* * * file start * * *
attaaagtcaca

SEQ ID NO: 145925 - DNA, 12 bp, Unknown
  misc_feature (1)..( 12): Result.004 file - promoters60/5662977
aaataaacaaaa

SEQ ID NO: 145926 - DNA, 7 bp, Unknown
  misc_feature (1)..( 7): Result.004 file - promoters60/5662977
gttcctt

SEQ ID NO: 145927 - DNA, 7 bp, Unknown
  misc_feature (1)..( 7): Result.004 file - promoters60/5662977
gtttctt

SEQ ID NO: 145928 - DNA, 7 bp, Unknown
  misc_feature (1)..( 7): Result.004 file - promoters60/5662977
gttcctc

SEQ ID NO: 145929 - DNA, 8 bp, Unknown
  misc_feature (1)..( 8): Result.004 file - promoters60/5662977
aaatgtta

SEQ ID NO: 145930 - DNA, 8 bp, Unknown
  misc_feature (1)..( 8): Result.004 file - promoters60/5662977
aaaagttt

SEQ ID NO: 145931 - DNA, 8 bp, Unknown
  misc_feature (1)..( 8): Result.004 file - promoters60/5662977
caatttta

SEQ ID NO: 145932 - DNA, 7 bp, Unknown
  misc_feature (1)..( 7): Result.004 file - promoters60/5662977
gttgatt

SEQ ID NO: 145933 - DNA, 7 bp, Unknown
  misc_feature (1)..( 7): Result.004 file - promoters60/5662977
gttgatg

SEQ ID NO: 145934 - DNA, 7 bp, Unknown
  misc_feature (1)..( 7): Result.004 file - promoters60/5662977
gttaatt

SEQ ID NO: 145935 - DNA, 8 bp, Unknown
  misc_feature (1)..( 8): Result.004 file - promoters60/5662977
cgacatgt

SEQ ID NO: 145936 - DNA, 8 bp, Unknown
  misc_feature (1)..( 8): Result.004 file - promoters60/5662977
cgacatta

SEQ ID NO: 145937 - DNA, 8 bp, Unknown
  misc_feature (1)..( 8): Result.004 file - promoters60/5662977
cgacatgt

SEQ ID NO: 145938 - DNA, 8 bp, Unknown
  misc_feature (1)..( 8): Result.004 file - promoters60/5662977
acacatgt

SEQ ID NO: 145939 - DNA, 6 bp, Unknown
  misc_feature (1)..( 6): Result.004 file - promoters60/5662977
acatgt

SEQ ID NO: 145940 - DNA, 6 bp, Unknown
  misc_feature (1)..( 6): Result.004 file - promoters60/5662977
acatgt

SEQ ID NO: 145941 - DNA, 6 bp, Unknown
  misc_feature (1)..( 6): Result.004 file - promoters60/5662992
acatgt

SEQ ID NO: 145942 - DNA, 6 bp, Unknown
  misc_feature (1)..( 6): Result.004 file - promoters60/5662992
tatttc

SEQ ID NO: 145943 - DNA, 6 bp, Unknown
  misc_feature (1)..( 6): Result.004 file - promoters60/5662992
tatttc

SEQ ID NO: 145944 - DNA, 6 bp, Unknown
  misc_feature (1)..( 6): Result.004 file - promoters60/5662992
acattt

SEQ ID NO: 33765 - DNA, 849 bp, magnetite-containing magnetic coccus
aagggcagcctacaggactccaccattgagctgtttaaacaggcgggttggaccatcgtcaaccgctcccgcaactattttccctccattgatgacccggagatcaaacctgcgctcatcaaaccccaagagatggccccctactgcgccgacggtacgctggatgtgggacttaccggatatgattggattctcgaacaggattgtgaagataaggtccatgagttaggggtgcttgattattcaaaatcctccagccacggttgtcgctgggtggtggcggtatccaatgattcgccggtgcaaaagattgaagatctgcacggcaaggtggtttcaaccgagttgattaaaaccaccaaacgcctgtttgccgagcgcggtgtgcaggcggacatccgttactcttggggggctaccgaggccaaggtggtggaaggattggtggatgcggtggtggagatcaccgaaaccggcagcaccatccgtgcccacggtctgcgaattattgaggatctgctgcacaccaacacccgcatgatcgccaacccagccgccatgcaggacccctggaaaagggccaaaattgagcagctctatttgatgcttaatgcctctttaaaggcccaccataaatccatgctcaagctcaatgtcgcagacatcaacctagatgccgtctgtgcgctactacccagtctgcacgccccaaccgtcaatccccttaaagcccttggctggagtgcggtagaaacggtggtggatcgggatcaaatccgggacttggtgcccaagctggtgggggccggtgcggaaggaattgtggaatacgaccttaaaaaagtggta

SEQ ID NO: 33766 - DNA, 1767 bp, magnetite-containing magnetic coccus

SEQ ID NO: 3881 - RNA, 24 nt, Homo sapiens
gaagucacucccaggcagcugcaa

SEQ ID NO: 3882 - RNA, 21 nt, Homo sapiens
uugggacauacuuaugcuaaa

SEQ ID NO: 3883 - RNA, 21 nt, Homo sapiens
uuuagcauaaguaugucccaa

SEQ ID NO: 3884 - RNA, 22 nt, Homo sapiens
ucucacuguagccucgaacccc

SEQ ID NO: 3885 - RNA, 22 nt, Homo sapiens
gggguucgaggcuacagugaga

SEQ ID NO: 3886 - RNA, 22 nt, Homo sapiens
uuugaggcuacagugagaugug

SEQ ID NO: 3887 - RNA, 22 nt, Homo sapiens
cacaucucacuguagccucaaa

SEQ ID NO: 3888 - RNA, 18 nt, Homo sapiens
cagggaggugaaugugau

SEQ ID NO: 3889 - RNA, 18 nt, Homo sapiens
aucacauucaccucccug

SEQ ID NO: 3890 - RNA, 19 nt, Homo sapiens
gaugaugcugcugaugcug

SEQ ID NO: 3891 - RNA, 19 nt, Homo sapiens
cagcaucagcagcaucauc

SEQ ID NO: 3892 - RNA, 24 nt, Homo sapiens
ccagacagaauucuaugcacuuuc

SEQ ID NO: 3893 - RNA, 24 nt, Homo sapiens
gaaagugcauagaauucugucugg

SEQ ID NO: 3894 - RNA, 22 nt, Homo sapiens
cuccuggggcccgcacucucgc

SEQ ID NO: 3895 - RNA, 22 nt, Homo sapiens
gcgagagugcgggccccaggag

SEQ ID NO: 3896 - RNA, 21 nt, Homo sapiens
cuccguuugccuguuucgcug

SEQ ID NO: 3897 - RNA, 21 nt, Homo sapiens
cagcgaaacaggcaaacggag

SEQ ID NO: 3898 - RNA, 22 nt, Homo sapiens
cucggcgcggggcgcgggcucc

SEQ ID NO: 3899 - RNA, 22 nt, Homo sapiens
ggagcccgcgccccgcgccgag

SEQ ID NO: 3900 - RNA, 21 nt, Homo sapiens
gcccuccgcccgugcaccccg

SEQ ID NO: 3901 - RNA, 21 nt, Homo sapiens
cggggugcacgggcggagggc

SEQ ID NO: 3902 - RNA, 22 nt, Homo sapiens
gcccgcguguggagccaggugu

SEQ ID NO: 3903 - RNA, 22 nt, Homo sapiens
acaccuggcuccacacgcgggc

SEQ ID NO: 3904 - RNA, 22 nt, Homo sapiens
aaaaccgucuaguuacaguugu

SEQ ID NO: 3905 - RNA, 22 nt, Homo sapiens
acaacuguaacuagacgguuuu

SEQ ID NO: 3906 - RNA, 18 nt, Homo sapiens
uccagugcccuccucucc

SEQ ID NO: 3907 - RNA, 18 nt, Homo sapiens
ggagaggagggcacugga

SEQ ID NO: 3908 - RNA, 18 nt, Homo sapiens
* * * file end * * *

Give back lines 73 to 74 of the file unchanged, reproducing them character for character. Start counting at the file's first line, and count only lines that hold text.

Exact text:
SEQ ID NO: 3885 - RNA, 22 nt, Homo sapiens
gggguucgaggcuacagugaga